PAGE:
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The former Luxembourg PM and recent departed EU Commission President celebrates his 65th birthday today. RTL Today wishes the Luxembourgish politician many happy returns.
Born on 9 December 1954 in Redange, Luxembourg to Joseph Juncker and Marguerite Juncker, his father was a steel worker and a Christian trade unionist, forced to fight for the German Wehrmacht army during the World War II.
Juncker grew up in southern Luxembourg and attended boarding school in Belgium, joining the Christian Social People’s Party (Chrëschtlech Sozial Vollekspartei; CSV) in 1974.
The following year, the future PM enrolled at the University of Strasbourg, France. In 1979 he earned a law degree and was named parliamentary secretary for the CSV. Juncker received his first government post in 1982, when named secretary of state for employment and social security under CSV Prime Minister Pierre Werner.
Juncker was elected to the legislature in 1984, appointed to the cabinet of Prime Minister Jacques Santer as labour minister.
In 1989, the same year that saw him involved in a serious road accident which left him in a critical condition, and subsequently led to coma from which he didn’t emerge until two weeks later, he was named Minister of Finance, taking a seat on the board of governors of the World Bank.
He was elected chairman of the CSV in January 1990, throughout 1991–92 becoming one of the chief architects and proponents of the Maastricht Treaty, the founding document for the European Union.
When Santer became president of the European Commission in January 1995, Juncker succeeded him as Luxembourg's prime minister. This top job Juncker would go on to occupy for nearly nineteen years from 1995 to 2013, making him one of the longest serving democratically elected leaders in the world.
Juncker’s term in office was characterised by robust economic performance— the Luxembourg GDP was among the world’s highest—and he remained a 'prominent fixture in the upper echelons of European politics'. His government collapsed in 2013 when it was revealed that Luxembourg’s intelligence service had engaged in widespread abuses, including bribery and the unauthorised surveillance of political figures.
In December 1996, Juncker was dubbed the 'Hero of Dublin' for his successful handling of a tricky mediation the German Federal Chancellor, Helmet Kohl, and the President of the French Republic, Jacques Chirac, concerning EU Economic and Monetary Union policy.
In 1998, he was awarded the ‘Vision of Europe' award for constituting the so-called ‘Luxembourg Process’ of integrating European policy against unemployment, the instigation of the ‘Euro 11’ (an informal group of European Finance Ministers) and for promoting the cause of European social integration.
From 2005 to 2013 Juncker helmed the Eurogroup—a body consisting of the finance ministers from all of the euro-zone countries. In that role he helped shape the response to the debt crisis crippling economies within the euro zone at that time.
In March 2014 Juncker succeeded José Manuel Barroso as president of the European Commission. Juncker was an ardent proponent of greater European integration, and his nomination was thus championed by German Chancellor Angela Merkel.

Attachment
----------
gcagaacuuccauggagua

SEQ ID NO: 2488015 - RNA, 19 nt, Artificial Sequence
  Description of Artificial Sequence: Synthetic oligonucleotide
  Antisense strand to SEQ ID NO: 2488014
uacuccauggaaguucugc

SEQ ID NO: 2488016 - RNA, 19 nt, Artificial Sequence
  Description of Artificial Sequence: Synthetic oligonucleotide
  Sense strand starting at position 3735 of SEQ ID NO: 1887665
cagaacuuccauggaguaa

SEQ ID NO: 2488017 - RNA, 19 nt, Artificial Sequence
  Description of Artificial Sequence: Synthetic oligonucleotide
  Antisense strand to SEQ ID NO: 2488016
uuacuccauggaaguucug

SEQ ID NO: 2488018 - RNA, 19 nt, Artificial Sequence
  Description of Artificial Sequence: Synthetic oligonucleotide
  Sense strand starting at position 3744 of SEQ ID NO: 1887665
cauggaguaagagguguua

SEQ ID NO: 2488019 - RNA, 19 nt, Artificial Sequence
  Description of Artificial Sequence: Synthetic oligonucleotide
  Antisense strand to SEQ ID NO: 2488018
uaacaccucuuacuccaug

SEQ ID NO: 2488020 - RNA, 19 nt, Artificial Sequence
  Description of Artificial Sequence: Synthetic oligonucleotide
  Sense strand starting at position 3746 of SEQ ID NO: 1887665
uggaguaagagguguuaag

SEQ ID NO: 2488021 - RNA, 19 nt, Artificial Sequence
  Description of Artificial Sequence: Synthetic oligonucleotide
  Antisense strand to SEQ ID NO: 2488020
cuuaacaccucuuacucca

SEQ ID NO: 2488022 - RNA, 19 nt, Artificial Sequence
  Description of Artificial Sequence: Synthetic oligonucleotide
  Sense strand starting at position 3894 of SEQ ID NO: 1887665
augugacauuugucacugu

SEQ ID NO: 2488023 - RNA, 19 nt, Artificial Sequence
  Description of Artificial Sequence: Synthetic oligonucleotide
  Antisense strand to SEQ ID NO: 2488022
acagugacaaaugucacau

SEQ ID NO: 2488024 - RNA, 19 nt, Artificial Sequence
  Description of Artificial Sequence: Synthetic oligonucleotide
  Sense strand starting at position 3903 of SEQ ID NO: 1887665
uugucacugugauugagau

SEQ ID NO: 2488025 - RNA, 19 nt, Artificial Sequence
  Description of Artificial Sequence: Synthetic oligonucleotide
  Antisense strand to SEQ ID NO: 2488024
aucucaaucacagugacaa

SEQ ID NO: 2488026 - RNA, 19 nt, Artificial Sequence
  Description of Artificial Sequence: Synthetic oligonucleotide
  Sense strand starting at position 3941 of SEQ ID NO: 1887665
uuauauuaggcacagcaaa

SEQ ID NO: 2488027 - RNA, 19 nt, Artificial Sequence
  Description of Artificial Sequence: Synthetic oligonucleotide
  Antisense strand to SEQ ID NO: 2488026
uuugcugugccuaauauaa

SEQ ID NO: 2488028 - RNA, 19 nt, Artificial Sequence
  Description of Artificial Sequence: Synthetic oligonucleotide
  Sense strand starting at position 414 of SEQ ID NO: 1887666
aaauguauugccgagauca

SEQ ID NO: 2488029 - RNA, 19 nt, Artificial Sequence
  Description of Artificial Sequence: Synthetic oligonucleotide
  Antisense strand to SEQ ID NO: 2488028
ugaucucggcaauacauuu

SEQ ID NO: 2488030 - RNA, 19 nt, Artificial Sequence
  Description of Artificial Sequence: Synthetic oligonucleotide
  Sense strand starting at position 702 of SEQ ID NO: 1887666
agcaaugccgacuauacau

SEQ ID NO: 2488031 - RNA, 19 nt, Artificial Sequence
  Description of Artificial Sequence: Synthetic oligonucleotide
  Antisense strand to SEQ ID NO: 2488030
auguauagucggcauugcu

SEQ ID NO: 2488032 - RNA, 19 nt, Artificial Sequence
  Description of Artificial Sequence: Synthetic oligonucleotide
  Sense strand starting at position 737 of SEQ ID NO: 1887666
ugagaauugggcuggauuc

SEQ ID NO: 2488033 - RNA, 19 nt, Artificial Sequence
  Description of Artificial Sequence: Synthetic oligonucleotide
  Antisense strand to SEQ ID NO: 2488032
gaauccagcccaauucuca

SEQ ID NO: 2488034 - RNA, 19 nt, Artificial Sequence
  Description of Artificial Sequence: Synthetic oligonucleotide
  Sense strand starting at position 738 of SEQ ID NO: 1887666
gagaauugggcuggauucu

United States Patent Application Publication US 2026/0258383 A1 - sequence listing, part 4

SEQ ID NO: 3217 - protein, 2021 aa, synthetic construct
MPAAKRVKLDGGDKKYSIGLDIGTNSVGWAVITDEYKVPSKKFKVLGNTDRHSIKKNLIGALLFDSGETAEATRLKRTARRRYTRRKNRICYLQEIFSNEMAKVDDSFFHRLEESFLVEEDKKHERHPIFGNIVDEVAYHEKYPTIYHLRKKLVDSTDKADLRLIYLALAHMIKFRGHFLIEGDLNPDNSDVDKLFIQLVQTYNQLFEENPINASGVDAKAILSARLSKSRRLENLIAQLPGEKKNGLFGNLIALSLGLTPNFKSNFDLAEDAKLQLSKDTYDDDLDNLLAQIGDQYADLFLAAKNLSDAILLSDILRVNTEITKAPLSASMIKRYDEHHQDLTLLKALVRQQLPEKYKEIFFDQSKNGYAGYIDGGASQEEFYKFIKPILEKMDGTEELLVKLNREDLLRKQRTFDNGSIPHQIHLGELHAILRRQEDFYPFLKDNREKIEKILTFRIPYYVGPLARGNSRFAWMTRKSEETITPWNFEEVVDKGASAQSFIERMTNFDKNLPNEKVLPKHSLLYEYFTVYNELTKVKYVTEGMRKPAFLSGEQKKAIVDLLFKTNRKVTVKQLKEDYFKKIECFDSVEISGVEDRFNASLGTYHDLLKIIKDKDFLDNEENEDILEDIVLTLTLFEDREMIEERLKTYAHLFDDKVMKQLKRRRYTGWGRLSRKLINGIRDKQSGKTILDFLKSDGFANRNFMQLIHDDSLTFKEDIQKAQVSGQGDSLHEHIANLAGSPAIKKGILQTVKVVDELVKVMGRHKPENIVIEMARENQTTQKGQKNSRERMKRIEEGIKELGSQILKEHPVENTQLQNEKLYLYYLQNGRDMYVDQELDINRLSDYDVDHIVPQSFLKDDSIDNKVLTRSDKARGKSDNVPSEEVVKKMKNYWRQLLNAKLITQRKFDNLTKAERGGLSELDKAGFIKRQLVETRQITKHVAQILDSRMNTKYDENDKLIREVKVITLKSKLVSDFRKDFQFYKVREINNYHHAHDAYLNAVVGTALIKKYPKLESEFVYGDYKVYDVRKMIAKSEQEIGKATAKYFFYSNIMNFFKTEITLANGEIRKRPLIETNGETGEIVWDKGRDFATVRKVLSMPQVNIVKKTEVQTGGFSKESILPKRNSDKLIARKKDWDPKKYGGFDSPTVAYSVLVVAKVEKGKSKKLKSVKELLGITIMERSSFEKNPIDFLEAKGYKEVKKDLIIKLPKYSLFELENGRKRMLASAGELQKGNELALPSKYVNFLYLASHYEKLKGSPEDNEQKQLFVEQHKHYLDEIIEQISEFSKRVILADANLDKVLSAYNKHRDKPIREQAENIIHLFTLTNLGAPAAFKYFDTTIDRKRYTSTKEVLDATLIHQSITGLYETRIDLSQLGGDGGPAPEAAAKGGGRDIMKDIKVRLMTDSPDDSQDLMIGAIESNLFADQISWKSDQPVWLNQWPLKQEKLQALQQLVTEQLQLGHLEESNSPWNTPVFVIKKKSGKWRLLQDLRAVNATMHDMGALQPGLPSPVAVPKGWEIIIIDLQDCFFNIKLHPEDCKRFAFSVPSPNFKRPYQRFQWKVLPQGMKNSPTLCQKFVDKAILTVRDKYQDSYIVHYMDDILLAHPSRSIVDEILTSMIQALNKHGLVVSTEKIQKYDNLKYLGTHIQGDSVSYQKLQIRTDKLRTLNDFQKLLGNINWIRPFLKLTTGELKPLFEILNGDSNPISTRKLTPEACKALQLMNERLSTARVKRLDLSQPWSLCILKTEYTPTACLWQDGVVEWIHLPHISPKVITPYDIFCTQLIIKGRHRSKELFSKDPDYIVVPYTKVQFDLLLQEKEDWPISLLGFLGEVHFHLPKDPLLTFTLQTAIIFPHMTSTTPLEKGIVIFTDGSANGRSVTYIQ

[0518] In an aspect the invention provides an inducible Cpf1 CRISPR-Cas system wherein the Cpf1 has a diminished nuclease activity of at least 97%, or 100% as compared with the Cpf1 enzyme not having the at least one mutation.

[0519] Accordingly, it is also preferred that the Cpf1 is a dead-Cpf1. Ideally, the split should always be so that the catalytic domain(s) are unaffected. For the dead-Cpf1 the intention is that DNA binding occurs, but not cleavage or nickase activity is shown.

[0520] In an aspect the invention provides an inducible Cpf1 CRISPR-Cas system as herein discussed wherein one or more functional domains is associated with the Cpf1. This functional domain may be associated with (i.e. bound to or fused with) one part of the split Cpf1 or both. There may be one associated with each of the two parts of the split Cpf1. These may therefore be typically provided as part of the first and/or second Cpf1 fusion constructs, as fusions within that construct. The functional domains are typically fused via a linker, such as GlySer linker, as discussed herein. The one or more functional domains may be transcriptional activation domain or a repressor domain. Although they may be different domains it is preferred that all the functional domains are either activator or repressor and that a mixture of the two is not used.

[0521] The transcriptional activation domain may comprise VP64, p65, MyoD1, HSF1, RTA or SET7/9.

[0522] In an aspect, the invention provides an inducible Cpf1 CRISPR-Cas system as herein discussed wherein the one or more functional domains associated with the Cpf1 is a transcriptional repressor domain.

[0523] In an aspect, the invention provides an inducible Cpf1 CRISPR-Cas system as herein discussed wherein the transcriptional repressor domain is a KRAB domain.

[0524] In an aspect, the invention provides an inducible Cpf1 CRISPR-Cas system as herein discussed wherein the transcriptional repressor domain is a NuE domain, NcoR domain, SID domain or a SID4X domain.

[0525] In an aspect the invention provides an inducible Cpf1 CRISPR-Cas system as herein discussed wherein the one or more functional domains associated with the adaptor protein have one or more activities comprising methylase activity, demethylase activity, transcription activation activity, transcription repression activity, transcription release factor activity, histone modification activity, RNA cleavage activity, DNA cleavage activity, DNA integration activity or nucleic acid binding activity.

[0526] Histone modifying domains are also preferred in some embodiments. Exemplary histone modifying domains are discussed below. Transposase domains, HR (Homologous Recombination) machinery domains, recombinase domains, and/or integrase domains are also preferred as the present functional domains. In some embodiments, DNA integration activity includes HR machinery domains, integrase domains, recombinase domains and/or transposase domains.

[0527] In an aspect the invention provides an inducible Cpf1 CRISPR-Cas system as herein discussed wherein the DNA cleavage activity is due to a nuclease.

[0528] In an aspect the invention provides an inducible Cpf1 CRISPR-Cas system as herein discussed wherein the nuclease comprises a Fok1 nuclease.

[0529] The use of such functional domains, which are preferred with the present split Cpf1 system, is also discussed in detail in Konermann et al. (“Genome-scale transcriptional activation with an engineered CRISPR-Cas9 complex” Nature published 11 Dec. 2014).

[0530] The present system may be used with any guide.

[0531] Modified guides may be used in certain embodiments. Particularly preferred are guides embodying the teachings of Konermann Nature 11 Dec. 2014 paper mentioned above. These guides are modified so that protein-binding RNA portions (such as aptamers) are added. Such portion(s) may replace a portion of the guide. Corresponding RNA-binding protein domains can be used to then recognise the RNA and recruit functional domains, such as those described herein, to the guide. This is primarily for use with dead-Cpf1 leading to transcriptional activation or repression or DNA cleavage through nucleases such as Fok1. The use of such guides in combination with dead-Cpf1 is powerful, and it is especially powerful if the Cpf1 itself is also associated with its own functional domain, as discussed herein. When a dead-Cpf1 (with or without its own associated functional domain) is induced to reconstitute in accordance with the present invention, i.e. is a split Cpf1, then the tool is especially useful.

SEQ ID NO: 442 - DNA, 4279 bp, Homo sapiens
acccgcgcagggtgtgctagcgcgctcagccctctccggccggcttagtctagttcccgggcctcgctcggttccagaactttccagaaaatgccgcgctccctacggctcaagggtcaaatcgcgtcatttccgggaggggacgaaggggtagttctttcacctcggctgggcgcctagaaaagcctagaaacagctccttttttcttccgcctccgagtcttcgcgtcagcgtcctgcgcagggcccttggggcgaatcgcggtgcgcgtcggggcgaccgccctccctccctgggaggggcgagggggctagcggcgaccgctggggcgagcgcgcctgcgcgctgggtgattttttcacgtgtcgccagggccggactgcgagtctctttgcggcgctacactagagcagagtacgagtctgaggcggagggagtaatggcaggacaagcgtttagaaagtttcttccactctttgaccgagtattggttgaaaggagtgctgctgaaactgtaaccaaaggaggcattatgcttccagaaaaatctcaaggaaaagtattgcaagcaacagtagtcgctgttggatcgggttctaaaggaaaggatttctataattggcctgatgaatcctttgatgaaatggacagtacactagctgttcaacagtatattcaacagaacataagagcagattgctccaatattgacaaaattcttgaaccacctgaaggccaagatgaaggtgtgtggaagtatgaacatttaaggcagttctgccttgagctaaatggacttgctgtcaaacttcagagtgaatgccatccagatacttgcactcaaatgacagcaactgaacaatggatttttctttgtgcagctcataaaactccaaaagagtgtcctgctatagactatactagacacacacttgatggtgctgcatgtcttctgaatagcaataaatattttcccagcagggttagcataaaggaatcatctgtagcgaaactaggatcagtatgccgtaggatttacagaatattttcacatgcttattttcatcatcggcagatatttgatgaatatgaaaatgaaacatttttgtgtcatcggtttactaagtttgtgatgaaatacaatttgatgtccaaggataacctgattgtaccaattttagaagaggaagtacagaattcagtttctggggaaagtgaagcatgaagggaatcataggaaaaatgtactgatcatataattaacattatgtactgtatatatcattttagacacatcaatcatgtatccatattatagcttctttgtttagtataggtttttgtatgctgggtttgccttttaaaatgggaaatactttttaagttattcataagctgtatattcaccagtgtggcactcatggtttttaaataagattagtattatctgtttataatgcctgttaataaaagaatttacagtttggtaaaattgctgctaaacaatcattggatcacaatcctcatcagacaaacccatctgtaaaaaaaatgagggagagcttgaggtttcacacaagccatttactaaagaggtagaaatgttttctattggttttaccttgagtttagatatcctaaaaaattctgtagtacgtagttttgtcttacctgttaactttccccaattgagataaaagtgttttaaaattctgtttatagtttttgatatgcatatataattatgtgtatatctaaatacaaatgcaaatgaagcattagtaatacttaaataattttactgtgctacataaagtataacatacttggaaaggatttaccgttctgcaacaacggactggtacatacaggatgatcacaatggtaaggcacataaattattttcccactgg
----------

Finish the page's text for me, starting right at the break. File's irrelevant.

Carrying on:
However, British Prime Minister David Cameron, encouraged by a strong Eurosceptic feeling within both his own Conservative Party and the United Kingdom Independence Party, led a long and concerted effort to oppose Juncker’s candidacy.
Over the objections of Cameron and Hungarian Prime Minister Viktor Orban, Juncker was approved for the EU’s top job on 27 June, when he was officially elected to the position by the European Parliament on 15 July.
On May 22 2015, at the European Union summit at Riga, Latvia, Juncker along with Donald Tusk and Laimdota Straujuma, greeted EU leaders in a way unusual to diplomacy, notably to Orban. He offered his own tie, patted the belly, slapped the cheeks, kissed the bald head and also used the expression ‘the dictator is coming'.
When Juncker took office on 1 November, he was confronted with the myriad challenges facing the EU, including a sluggish economy, a Russian-backed insurgency in Ukraine, and welling Eurosceptic sentiment that called into question the very purpose of the EU. He also faced accusations from Eurosceptic members of Parliament, who claimed that Juncker had orchestrated a tax-avoidance scheme involving hundreds of multinational companies during his tenure as prime minister of Luxembourg; Juncker denied the allegations.
In August 2016, in a speech at the European Forum Alpach in Vienna, he said solidarity must be shown to refugees and their children. The national borders are the worst invention ever made by politicians.
In December 2018, at the European Council meeting in Brussels, Juncker was seen playing with a women’s hair. The UK's Amber Rudd, a former minister for women and equalities, branded his behavior grotesque.
Jean-Claude Junker has been married to Christiane Frising since 1979. The couple doesn’t have any children.
After having recently recovered and recuperated from an operation to treat an aortic aneurysm, Juncker will no doubt be looking for to a little more of the figurative R&R as opposed the literal.
He said goodbye to the EU Presidency in typical style earlier this year.
(Sources : RTL Archives / Britannica.com / Boomsbeat.com)